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Clientele question
#1
Currently I work as a mobile nail technician but I would really like to expand my services to waxing, facials and massages. I don't see myself operating as a mobile nail technician for much longer as I'm looking forward to operating from a stable place (hopefully in the near future). I have made connections with a very popular hairdressing salon in my area who has a room available to rent. This room will allow me the ability to do the extra services as well as nails. I am seriously considering her offer but my dream is to have a place to call my own. At the moment I really don't have the clientele that I would need to start off on my own but I was wondering exactly how much clients would I really need to take that step on my own, rather than having to booth rent. Right now I have approximately 15 very loyal clients but I know that is no where near enough to keep doors open. How much did u guys start off with?
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#2
The more services you offer, the more equipment and supplies you have to buy . . . and a fixed location generally requires more overhead. Too many variables to give you a definitive answer: how much is the rent? How much do you earn (net) from those 15 clients? Will they even come to your location, or do they prefer mobile services? etc. etc. etc.

We all start somewhere . . . but being the only manicurist in a busy salon could be a great place to be.
Jaime Schrabeck, Ph.D. (yes, it's real)
http://www.precisionnails.com
http://shop.precisionnails.com
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#3
This is a great starting point for you to get yourself into a salon environment.

Salon V's mobile is like chalk and cheese and I personally think it's a much better stepping stone to owning your own salon, if you rent a room/booth rent for a while.

You say your clients are loyal now but you always should take into account when you move like this (even though your not moving but your changing your business style) that you might lose 20% of those loyal customers as they might not wish to travel to you.

I agree, there are too many variables to give you any figures, it depends on everything pretty much and what YOU are happy to have as YOUR earnings every week.
For me, I'm lucky, I don't HAVE to work, I choose to work because it's what I love to do but because I have a home salon, my overheads are cheaper and because I have a lovely hubby who earns enough for our family to survive ok, I don't have to work if I don't want or can't.
But in saying all this, I still need a certain figure every month to meet expenses because no one runs a business for loss, it must run at profit or else you wouldn't bother getting out of bed everydaySmile It's just my expenses are not huge thanks to my situation.
The reason I have a home salon is because I have to also home school my teenage disabled daughter, so I need to be able to work around her as well.

I say go for it, just make sure the rent is reasonable for what you get and your area, do some research first of other salon rents in your area, ask here at BT if there are techs in your area what they are paying in your area etc....just because it's a nice salon and you are in with the owner doesn't mean she/he won't try to rip you off, so you must look into every avenue and keep yourself protected.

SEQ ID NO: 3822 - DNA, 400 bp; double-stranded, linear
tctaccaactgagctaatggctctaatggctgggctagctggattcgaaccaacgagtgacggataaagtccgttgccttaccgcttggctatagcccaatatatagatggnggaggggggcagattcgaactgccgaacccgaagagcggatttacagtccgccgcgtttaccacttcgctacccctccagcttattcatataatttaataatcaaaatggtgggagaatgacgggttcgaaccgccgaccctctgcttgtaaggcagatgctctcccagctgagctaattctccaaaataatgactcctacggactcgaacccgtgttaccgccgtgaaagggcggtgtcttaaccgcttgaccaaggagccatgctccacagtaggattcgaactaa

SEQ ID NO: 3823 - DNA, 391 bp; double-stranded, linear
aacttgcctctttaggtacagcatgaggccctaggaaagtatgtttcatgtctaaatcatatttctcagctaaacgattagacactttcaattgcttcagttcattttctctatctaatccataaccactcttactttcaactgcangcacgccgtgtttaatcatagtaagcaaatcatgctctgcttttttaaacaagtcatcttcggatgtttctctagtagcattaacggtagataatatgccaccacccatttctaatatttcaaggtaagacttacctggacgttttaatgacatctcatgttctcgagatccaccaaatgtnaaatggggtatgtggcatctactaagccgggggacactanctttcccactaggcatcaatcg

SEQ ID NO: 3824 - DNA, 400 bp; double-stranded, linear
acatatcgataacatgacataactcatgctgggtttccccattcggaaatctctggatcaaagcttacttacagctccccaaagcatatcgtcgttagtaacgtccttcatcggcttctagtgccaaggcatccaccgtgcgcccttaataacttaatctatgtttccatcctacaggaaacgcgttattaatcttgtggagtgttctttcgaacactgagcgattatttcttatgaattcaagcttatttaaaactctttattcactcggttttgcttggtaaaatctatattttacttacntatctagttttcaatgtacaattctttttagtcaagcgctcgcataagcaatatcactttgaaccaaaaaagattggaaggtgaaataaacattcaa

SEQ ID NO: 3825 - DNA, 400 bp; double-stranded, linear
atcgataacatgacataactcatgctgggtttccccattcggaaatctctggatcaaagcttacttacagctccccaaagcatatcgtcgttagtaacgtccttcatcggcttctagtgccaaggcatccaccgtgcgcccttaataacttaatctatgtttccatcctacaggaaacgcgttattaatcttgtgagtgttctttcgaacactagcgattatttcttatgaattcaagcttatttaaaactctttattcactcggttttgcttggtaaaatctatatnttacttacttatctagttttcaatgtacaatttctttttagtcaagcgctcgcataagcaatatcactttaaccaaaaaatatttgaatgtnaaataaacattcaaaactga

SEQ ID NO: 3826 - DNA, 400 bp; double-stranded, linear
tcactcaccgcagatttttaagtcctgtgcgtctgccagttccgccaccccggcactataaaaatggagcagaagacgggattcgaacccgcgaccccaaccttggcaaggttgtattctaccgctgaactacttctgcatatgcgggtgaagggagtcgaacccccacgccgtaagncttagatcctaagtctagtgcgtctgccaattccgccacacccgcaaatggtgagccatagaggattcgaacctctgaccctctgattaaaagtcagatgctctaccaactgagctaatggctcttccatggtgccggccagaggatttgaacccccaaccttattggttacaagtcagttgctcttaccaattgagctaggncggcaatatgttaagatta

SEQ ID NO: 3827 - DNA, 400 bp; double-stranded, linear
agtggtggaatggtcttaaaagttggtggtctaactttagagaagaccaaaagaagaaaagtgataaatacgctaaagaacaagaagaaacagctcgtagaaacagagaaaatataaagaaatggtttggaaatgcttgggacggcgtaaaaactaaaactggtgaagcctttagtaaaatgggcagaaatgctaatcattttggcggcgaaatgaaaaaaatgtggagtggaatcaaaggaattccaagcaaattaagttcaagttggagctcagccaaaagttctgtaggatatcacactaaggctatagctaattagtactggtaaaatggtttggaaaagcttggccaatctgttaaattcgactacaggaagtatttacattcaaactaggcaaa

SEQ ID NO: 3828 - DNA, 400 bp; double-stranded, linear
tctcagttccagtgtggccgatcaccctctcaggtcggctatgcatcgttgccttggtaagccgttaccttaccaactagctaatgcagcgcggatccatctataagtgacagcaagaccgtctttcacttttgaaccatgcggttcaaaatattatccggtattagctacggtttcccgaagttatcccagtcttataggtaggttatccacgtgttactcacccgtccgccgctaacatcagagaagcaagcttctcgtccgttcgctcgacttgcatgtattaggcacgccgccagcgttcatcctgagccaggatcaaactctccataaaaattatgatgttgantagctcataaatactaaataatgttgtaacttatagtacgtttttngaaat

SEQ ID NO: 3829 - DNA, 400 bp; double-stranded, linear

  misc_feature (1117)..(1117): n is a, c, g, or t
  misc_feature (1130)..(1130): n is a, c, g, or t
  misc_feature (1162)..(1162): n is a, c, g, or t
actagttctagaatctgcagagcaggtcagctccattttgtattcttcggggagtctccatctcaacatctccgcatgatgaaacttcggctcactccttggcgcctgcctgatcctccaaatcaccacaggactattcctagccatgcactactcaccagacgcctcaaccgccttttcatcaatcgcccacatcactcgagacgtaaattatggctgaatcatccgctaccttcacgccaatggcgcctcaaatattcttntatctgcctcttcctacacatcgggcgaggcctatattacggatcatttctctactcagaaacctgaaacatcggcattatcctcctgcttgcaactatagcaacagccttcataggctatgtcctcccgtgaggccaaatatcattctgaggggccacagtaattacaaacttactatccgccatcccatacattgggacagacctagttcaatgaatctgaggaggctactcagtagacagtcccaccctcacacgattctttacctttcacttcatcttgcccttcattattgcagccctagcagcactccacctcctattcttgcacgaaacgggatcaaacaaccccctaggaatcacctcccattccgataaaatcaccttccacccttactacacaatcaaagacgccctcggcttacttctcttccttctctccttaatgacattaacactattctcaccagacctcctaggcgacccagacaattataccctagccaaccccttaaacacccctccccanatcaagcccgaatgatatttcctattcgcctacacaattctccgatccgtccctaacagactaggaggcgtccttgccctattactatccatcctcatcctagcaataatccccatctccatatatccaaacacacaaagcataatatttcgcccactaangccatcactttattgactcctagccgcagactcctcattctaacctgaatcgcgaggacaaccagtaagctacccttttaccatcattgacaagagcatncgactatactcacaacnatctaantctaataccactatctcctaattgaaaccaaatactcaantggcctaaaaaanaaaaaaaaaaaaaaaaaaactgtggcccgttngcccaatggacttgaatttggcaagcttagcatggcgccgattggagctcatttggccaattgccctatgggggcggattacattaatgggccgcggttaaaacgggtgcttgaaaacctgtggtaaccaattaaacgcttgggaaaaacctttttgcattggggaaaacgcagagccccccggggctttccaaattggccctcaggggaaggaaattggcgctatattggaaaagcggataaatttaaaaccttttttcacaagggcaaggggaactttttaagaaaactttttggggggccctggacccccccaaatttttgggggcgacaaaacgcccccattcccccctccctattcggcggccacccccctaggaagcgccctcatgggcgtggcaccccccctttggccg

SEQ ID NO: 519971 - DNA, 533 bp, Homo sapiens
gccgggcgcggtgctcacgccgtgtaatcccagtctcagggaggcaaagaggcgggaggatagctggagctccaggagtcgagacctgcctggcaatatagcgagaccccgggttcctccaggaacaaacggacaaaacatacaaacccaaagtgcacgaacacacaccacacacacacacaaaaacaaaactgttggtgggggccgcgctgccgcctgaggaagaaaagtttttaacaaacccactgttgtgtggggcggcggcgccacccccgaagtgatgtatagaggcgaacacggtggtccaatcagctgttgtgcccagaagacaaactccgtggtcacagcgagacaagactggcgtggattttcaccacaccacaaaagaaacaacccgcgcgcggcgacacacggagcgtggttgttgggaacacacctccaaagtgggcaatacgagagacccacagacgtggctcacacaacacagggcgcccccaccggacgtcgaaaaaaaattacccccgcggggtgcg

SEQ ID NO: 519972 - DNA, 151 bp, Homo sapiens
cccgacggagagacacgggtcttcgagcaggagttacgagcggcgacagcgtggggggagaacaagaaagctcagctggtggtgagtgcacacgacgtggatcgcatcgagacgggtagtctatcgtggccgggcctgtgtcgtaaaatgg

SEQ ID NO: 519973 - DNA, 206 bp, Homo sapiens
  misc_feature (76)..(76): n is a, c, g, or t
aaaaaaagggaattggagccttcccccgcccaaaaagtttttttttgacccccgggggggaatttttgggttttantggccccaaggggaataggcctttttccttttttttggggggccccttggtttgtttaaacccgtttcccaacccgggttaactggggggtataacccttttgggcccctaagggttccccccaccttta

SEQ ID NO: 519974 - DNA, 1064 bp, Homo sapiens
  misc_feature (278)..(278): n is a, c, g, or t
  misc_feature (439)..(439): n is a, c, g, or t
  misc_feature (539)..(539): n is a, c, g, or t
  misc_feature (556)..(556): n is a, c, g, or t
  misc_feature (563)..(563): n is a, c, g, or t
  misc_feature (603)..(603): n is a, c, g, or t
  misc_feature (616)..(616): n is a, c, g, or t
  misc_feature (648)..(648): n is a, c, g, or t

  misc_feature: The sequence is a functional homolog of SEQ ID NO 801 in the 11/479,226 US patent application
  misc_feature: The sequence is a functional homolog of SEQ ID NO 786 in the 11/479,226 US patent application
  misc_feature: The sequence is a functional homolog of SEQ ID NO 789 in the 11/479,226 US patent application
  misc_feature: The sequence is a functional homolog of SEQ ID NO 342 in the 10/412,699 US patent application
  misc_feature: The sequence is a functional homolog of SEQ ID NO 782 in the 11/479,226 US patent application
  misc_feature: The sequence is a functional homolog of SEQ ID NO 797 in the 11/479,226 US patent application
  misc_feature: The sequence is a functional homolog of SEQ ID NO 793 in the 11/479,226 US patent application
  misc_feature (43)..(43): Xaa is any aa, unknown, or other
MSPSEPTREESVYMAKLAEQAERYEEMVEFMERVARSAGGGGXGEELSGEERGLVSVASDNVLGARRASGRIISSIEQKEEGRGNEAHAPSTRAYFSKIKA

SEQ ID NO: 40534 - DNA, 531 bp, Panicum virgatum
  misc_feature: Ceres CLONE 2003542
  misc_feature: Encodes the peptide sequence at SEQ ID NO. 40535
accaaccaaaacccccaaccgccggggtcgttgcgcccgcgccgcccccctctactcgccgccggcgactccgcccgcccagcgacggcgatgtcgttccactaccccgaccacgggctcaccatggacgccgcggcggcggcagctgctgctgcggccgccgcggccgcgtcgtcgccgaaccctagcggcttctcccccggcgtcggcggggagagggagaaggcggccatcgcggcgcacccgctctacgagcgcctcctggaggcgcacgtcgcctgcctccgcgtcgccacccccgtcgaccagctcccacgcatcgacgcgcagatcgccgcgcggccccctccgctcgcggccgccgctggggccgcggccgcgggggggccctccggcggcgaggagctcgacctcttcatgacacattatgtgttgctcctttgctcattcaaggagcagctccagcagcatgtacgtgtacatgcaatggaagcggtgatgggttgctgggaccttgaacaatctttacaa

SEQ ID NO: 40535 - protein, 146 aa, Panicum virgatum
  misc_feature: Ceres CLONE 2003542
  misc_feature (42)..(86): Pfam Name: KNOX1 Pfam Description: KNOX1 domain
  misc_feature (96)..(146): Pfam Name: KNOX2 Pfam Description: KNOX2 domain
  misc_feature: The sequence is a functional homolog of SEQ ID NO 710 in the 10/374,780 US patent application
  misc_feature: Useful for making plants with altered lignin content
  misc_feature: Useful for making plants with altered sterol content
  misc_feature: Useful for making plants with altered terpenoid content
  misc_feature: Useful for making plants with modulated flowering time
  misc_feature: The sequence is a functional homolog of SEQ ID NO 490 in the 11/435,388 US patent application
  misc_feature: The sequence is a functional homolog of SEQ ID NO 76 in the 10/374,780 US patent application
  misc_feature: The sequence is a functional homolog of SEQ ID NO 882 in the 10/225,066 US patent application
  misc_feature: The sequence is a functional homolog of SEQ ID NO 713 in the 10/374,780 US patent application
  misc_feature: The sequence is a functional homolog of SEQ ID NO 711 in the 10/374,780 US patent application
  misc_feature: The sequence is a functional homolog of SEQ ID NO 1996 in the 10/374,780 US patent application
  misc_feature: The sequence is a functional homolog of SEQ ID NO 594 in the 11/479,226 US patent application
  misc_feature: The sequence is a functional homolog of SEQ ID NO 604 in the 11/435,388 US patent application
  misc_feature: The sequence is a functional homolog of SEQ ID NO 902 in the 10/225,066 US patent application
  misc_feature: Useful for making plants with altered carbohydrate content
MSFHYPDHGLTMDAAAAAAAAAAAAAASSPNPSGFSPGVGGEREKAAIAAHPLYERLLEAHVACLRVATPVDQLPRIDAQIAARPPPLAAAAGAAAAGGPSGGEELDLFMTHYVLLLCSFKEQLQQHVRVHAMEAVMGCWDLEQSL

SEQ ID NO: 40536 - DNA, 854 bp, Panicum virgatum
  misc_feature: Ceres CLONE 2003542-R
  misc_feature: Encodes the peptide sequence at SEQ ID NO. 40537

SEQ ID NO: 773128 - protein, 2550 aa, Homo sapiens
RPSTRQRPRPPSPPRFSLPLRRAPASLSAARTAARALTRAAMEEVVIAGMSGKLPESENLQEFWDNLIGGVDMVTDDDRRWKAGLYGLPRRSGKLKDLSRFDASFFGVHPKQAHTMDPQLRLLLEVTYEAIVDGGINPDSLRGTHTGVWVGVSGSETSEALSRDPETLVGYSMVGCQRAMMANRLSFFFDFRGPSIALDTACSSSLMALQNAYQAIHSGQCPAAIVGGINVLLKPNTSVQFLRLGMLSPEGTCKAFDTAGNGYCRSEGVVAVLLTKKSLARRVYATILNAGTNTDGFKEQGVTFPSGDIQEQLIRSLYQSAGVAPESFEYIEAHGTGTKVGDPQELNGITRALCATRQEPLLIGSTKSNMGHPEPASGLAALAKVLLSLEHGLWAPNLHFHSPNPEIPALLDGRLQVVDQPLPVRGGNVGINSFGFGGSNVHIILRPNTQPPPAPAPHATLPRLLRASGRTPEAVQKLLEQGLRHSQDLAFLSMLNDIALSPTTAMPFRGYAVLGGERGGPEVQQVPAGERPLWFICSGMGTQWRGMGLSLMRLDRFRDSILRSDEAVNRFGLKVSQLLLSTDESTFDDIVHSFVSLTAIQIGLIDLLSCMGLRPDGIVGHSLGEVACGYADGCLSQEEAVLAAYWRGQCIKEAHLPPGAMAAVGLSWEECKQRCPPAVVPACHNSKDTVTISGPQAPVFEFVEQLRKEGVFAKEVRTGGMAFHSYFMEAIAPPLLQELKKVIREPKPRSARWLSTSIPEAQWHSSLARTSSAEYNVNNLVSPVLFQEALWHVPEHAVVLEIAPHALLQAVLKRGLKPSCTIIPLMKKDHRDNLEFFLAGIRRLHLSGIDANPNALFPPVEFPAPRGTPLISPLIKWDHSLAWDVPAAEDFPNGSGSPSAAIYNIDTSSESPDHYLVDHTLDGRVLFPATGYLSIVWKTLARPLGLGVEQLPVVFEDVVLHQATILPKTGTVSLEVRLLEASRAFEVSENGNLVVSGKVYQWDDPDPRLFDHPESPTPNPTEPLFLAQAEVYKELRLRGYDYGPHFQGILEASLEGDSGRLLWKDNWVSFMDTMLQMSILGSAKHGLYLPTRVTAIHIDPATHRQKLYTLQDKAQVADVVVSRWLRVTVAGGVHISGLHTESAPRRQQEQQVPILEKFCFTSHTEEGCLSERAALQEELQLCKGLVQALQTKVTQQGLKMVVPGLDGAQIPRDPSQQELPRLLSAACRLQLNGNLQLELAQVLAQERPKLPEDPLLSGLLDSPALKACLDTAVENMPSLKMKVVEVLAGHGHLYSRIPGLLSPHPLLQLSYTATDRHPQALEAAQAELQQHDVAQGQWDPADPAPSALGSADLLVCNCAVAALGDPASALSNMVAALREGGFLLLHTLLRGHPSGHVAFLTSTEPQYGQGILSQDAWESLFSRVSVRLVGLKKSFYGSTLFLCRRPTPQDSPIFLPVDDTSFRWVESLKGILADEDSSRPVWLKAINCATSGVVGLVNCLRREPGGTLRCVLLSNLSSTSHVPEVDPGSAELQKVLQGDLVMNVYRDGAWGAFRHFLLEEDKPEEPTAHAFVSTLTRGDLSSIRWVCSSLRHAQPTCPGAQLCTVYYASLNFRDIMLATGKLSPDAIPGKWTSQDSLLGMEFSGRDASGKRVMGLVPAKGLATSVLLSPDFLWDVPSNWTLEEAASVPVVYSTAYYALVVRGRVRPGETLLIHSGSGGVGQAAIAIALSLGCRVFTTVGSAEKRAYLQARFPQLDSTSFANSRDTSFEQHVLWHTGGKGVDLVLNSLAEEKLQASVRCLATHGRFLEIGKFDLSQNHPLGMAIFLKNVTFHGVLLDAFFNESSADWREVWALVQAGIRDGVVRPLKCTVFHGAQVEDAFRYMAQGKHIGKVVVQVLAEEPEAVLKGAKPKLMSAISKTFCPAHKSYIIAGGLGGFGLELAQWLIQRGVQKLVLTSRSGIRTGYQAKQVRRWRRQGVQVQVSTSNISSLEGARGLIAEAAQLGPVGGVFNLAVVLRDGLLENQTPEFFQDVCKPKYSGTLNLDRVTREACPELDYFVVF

Good luck and keep us posted on your possible new ventureSmile
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#4
I went from booth rent (there for one year) and opened my own shop last March. I can give the highlights here of what my strategy was, but for more detail feel free to email me - I don't really want all my personal details on the web for all to see Smile

I didn't expand my service offerings like you want to do, but my goal when I opened my own place was to expand my retail from just lotions/nail items into a gift boutique so I could leverage my time with higher retail sales. This meant buying more furniture and investing in the retail lines, this is the bare bones of how I did it:

1) calculated my shop overhead (fixed costs): rent, utilities, annual licensing, insurance, reception (beverages, sweets, magazines), cleaning supplies, salon software, website fees, etc. anything that doesn't go away regardless of how much (or little) business you do.
2) looked at my existing client base and income- gross service receipts less hold-backs to replenish product, supplies, wear and tear on furn/equipment, a percentage to cc fees, percentage to advertising, percentage to loyalty program, and amount per service for continuing education. Subtracting out these various real cost leaves you with a net for how much of your service income actually is available to go to overhead.
3) I then compared these two numbers, overhead vs. net service receipts to determine whether I could cover expenses with my existing clientele.
4) once I determined all that I created my list of furn/equipment needed to move into my own place.
5) created another ever-growing list of things I want to add
6) ran a prepaid package promotion to generate enough instant revenue to cover most of the moving costs
7) since then, I returned most of my profits back to the business to expand my inventory and gradually add salon improvements
Candice
Nail Tech/Owner
http://www.PanacheNailStudio.com
 Reply
#5
Thanks for the comments folks. Your responses make lots of sense. Candice I will email you shortly to get more insight.

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